missouri

In the Execution Business, Missouri Is Surging


Defense lawyers call it a crisis; the state says it’s just doing its job.
Since Texas carried out the country’s 1st lethal injection in 1982, the state has performed far more executions than any other state. To date, 528 men and women have been put to death in Texas, more than the total in the next 8 states combined.
But viewed from a slightly different angle, Texas has lost its place as the epicenter of the American death penalty, at least for the moment.
Since November 2013, when Missouri began performing executions at a rate of almost 1 per month, the state has outstripped Texas in terms of the execution rate per capita. In 2014, both states executed 10 people, but Texas has more than 4 times the population of Missouri. This year, the difference is not quite as stark (Texas: 10, Missouri: 5) but Missouri still ranks number 1. The state that has become the center of so many conversations about criminal justice through the courts and cops of Ferguson is now the center of one more.
Why?
The politicians, judges and prosecutors who keep the system running at full steam simply say the death penalty is a good thing and the pace of executions is a sign that nothing is gumming up the pipes of justice. Defense attorneys are more eager to talk about the reasons for the current situation. They tend to use the word “crisis.”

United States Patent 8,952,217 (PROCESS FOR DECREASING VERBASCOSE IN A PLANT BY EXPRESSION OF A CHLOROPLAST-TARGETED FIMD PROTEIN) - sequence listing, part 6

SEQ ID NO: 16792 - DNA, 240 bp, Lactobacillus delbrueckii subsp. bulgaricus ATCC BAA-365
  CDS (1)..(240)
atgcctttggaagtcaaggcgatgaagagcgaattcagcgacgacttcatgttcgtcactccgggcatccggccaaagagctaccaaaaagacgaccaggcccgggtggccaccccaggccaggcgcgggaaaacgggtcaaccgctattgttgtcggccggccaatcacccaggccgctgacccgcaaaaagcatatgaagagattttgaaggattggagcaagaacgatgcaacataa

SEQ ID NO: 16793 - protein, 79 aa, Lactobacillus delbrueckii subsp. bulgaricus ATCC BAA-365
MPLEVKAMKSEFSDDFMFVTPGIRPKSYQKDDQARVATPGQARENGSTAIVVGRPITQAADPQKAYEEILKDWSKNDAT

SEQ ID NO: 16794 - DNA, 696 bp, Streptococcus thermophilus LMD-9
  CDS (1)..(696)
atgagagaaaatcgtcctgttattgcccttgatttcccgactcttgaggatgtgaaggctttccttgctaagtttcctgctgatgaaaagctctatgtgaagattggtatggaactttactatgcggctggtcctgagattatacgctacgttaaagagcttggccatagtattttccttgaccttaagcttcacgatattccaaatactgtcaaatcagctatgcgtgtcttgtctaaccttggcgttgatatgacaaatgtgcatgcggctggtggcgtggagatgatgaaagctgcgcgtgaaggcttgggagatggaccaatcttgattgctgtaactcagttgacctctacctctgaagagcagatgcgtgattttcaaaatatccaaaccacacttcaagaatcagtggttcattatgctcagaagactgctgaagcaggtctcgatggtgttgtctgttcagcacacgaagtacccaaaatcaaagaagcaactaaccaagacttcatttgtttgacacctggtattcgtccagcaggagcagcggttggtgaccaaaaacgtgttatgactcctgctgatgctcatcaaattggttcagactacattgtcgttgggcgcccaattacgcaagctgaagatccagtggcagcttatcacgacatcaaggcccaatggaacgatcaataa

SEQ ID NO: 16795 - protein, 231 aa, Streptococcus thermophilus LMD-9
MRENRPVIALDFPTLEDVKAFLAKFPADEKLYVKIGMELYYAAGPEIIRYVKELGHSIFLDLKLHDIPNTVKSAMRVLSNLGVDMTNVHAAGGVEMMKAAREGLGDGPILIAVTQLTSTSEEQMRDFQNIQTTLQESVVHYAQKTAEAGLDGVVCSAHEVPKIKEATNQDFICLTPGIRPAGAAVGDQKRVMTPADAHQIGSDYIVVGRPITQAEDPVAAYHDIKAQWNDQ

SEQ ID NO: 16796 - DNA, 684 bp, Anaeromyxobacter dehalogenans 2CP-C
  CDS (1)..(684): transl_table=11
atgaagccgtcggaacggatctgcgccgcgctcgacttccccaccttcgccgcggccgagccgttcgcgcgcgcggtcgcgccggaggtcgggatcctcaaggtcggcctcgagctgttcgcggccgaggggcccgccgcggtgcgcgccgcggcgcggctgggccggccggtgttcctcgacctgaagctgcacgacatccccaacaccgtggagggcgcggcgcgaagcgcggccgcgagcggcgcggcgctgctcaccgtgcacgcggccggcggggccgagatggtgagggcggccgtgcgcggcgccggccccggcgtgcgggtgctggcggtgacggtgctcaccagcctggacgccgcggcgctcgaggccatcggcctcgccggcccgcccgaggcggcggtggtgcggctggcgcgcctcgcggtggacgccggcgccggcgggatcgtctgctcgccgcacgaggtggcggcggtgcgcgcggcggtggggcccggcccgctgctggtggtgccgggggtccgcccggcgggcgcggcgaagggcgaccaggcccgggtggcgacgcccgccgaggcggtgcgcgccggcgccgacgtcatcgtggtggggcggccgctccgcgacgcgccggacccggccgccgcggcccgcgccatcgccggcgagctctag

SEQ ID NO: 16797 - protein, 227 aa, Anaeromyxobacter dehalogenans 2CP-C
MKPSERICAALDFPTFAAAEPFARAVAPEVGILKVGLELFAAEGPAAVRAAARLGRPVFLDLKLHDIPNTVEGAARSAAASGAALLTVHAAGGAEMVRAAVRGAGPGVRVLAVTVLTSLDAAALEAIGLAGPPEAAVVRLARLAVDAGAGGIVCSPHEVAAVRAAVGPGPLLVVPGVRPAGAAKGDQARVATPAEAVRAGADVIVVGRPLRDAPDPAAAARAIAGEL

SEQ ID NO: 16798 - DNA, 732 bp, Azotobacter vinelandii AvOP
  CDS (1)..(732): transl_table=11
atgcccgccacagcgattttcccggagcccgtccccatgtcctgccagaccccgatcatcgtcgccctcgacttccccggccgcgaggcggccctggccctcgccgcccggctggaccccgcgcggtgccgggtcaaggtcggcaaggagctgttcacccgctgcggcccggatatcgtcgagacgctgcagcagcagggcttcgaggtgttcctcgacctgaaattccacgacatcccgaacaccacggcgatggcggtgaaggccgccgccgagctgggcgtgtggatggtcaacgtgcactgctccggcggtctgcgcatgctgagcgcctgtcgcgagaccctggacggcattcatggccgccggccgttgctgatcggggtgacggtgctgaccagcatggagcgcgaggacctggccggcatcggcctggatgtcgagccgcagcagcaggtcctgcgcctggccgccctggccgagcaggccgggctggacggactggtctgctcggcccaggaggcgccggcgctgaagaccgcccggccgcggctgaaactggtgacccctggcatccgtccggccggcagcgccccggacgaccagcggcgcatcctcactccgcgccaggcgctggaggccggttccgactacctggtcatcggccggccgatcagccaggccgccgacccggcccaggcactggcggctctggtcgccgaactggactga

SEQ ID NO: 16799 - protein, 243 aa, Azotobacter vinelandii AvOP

The Drugs
The most important reason for the rise in Missouri’s rate of execution is also the most mysterious. As other states have dealt with a nationwide shortage in lethal-injection drugs by turning to new and experimental combinations – leading to grisly botched executions (Dennis McGuire in Ohio, Clayton Lockett in Oklahoma, and Joseph Wood in Arizona) and lawsuits that have slowed down the pace of executions – Missouri has managed to get a steady supply of pentobarbital, a common execution drug.
Like their counterparts in all death-penalty states, Missouri officials are pushing in court to keep the source of their pentobarbital a secret. Texas has also exclusively used pentobarbital for executions in recent years, but has struggled to find a compounding pharmacy that will produce it. In Missouri, corrections officials had also struggled, but now have managed to stockpile the drug.
“We’re the only state in the union with no trouble getting pentobarbital,” says Cheryl Pilate, a Kansas City attorney who has represented death-row inmates. The pentobarbital made by small, generally unregulated compounding pharmacies – the choice in Texas – does not have a long shelf-life, leading Pilate and her colleagues to wonder whether Missouri officials are getting the drug from a veterinary supplier (the drug is often used to euthanize animals) or a manufacturer from overseas. Attorney General Chris Koster recently said in a court filing, quoted by BuzzFeed, that “Missouri uses pentobarbital as the lethal chemical in its execution process, but does not admit nor deny the chemical now used is compounded as opposed to manufactured.”